Paul Zindel must have felt compelled by an irresistible force to expound upon a childhood that in a biography reads as well as his novels. Paul and Betty could just as well have been John and Lorraine just as Nonno Frankie became Angelo Pignati. Staten Island becomes as familiar as home just as the streets and avenues score themselves into our memories as the carvings on the desks we saw 280 days of each year in our own schools.
Zindel’s family problems are reflected mirror-like in those of John and Lorraine, but other less personal problems, like racism and poverty (if they can be considered less personal than family) erupt with the clarity and lucidity of a sucker-punch. The combining of the two families under one roof is unusual but not unheard of just as the depiction of small town residents as zombies is obviously hyperbolic, yet, to some degree, credible.
Nonno Frankie’s concern for the life of the apple tree symbolizes the deeper truths that form the foundation for moral behavior and stands majestically as a tribute to the lasting permanence of integrity that transcends the passing changes that overtake children in their pursuit of identity and the meaning of life. His incessant humor revives memories of undying, childish frivolousness so necessary for the bonding of friendships among children. Something has to offset the constant flood of disappointments and hurts that flow from the novelty of growing up in a strange and threatening environment. Nonno’s pranks to wake up the zombies were analogous to the antics of John in the classroom, the mischievous behavior that should expected of normal, growing, young adults.
Sometimes, truth is stranger than fiction. If I were to include more than twenty Lassies in a story, it would be regarded as beyond belief. But, I did have twenty borzois at one time; so, the prospect is not inconceivable. Paul Zindel’s life as described supports the credo that one should write based on experience. But, that does not undermine the potential for exercising extensive creativity that stretches the imagination beyond the threshold of belief through the willing suspension of disbelief. Fiction knows no bounds.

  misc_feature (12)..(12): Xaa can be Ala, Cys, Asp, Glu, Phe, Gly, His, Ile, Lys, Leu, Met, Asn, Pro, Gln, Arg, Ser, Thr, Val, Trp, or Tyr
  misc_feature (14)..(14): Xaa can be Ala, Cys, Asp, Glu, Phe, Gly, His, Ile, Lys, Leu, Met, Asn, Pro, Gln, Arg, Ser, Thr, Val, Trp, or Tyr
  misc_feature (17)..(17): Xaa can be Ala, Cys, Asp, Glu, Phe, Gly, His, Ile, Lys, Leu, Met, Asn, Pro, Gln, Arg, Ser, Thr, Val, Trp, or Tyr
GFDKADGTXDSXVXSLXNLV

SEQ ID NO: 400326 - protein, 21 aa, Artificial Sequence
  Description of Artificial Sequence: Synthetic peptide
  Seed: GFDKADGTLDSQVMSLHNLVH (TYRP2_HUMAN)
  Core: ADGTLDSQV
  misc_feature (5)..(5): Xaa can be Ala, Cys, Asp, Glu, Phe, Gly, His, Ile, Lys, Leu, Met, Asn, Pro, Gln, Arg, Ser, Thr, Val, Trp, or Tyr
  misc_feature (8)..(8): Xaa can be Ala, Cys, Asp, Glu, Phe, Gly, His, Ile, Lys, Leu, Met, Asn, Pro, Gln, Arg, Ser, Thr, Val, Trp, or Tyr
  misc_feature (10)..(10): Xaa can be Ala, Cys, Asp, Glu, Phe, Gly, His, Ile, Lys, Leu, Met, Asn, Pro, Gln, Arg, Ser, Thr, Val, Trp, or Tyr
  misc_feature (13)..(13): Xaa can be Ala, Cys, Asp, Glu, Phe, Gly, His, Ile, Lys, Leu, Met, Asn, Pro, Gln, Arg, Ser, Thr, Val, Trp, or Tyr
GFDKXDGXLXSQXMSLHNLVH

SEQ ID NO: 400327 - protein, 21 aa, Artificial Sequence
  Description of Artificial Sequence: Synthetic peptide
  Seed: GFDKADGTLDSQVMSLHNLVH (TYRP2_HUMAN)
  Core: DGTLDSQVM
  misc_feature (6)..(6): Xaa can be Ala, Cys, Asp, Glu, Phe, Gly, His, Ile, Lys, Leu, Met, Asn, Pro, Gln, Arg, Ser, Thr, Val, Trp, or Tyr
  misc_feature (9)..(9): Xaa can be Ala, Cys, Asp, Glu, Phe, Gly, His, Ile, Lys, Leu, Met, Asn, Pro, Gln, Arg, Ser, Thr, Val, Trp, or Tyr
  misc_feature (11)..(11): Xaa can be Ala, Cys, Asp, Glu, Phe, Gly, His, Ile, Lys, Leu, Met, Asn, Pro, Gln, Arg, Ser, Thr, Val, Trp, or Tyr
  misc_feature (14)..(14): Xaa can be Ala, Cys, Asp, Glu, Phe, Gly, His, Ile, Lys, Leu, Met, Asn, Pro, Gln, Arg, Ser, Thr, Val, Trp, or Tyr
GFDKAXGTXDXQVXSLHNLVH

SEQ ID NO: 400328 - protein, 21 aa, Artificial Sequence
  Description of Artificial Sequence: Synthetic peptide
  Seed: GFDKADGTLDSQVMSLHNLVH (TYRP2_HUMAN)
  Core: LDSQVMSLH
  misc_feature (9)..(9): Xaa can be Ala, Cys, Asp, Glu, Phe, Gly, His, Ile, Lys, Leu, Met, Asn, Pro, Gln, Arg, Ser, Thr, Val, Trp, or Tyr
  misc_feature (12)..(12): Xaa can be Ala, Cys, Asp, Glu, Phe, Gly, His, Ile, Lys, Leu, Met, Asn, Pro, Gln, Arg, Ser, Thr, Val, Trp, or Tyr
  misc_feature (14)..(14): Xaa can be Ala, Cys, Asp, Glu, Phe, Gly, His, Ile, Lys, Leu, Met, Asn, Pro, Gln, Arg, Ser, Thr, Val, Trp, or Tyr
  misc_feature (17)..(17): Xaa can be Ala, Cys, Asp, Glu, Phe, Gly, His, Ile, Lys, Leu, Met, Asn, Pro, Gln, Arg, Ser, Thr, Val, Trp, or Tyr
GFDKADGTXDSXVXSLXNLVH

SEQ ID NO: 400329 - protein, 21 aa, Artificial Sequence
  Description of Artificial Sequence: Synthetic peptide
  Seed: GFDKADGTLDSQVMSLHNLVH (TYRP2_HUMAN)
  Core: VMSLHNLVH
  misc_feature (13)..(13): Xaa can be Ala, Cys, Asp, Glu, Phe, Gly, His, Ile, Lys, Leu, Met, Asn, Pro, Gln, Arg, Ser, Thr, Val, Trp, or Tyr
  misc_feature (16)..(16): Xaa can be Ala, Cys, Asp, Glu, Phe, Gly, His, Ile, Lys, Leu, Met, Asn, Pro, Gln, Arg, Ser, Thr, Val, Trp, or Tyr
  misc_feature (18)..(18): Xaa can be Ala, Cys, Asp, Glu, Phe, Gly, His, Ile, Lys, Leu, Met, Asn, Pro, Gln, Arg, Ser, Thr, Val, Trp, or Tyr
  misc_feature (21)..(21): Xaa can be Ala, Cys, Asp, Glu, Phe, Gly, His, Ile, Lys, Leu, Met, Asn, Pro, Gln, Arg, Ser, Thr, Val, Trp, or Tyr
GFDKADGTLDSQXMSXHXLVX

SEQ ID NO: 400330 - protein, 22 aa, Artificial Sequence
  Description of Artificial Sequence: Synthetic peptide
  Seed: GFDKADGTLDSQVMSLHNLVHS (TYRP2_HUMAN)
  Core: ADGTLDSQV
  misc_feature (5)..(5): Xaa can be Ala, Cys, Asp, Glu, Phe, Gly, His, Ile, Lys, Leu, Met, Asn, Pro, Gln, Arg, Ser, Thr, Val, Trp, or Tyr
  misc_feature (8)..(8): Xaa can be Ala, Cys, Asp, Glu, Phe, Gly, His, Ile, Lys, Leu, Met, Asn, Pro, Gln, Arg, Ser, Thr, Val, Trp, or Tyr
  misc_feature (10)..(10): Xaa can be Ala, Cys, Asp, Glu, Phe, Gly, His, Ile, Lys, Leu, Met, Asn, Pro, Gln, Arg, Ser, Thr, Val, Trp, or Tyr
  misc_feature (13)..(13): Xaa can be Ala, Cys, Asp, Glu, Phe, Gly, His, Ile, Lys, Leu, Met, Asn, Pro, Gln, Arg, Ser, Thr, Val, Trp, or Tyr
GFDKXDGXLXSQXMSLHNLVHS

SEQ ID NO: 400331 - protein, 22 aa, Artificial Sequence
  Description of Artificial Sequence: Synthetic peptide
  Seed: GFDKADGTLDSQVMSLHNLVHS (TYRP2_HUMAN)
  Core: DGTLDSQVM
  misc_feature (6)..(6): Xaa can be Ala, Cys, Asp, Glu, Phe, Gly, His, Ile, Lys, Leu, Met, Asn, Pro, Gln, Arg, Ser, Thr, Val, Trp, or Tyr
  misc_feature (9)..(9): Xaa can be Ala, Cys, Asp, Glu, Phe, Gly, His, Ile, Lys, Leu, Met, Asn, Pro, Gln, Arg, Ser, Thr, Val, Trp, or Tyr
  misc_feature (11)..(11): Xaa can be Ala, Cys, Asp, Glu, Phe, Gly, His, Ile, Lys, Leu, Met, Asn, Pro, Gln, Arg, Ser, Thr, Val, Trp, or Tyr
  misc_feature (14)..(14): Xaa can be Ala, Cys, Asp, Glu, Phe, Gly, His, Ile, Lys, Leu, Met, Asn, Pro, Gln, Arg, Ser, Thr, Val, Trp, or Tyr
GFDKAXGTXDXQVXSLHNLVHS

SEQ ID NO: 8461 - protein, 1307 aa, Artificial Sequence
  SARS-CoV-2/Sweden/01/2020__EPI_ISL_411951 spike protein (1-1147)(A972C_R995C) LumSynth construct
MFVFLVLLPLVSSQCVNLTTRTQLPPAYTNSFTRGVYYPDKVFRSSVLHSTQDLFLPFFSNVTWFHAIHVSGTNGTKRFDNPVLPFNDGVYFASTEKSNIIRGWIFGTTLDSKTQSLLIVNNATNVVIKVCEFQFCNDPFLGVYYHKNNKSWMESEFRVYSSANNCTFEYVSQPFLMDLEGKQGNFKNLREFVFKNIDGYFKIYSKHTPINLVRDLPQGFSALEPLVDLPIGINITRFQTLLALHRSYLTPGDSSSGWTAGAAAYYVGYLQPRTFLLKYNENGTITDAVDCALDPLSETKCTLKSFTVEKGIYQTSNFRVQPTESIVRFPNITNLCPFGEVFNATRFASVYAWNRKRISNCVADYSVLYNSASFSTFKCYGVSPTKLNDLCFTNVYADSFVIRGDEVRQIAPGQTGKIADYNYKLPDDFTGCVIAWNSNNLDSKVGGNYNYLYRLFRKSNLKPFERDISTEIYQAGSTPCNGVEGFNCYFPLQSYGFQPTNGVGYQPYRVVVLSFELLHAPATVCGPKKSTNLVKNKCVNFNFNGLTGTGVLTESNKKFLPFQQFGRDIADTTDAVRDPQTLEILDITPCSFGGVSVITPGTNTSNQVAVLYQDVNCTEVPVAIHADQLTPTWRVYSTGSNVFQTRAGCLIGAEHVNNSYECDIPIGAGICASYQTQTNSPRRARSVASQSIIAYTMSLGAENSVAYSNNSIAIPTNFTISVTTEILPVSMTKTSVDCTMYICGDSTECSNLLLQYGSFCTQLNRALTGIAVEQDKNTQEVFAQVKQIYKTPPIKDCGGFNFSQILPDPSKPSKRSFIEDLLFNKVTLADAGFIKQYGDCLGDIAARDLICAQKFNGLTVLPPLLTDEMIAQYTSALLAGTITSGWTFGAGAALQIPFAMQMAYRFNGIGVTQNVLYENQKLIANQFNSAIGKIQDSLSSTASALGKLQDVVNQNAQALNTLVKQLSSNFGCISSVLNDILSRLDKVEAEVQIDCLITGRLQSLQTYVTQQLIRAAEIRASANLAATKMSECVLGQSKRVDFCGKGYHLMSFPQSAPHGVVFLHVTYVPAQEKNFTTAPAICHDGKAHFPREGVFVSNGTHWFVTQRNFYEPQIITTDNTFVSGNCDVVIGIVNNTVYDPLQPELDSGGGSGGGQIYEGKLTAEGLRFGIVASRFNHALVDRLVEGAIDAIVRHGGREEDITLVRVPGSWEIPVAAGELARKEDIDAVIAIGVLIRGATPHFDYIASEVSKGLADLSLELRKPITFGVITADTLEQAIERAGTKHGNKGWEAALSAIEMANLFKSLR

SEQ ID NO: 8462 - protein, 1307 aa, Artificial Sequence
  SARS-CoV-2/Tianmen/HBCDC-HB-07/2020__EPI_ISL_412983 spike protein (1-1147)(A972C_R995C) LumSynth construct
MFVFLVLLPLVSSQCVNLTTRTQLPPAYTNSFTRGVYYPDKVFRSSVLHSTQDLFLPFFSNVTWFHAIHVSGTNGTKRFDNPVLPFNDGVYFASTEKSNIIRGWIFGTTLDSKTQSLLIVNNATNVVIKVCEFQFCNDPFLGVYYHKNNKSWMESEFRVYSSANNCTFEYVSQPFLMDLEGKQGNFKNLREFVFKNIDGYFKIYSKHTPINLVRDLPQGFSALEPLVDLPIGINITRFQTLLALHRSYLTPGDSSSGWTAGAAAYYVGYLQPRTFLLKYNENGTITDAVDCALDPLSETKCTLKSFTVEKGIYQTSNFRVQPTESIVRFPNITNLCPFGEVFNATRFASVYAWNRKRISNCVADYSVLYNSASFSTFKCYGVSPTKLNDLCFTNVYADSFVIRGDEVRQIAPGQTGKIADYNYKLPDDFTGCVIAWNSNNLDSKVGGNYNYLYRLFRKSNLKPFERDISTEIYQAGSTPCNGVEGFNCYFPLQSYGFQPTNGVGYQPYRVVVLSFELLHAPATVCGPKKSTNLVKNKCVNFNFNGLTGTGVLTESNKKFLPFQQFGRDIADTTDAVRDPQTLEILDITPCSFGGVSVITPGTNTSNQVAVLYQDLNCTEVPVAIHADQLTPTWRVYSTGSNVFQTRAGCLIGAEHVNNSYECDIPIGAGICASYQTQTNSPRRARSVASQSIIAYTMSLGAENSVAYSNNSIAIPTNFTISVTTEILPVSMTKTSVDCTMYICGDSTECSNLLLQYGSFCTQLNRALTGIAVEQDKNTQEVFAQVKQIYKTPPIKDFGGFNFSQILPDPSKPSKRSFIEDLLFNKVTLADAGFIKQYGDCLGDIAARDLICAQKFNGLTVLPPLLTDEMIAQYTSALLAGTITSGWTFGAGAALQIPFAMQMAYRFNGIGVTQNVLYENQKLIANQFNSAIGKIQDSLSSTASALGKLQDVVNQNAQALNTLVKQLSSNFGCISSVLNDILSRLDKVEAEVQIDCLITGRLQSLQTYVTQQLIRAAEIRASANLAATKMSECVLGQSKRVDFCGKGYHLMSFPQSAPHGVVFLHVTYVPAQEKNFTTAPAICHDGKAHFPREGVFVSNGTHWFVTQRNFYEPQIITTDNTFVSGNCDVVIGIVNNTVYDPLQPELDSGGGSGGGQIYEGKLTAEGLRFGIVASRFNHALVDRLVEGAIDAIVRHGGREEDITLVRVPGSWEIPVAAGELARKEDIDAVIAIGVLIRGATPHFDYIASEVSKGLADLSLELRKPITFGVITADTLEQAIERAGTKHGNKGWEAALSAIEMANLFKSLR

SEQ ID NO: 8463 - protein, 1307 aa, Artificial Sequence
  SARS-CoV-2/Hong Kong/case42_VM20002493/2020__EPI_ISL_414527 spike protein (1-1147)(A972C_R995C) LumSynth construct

Evaluation: This biography is not essential to understand the novels that grew from Paul Zindel’s experiences, but it helps to understand the mind that created the Pigman which itself personifies a universal ideology. The reading level is lower than the novels and far easier to understand. Hence, I see this narrative as a good basis for teaching characterization, setting, and dialogue as well as the idea of biographical sketches. The tone is simple and reader-friendly with enough humor to make the reading a pleasure rather a chore.
Recommendation: For the slow reader, this would be a motivating text to offer tasty tid-bits of the humor, philosophy, adventure, and emotional involvement that are more extensively offered in the novels of Paul Zindel. I would use it even for non-readers as a tool to break the shell of apathy since it would work well as story-telling material. It is not so much an autobigraphy as it is a preparatory statement to give pertinent background to answer inevitable questions.
Teaching: For advanced readers, I would use this as supplemental background information that confirms the tenet that good writing comes from real experiences. For less motivated readers, this text and styles lends itself well to emulation so that minimal success will reap greater rewards.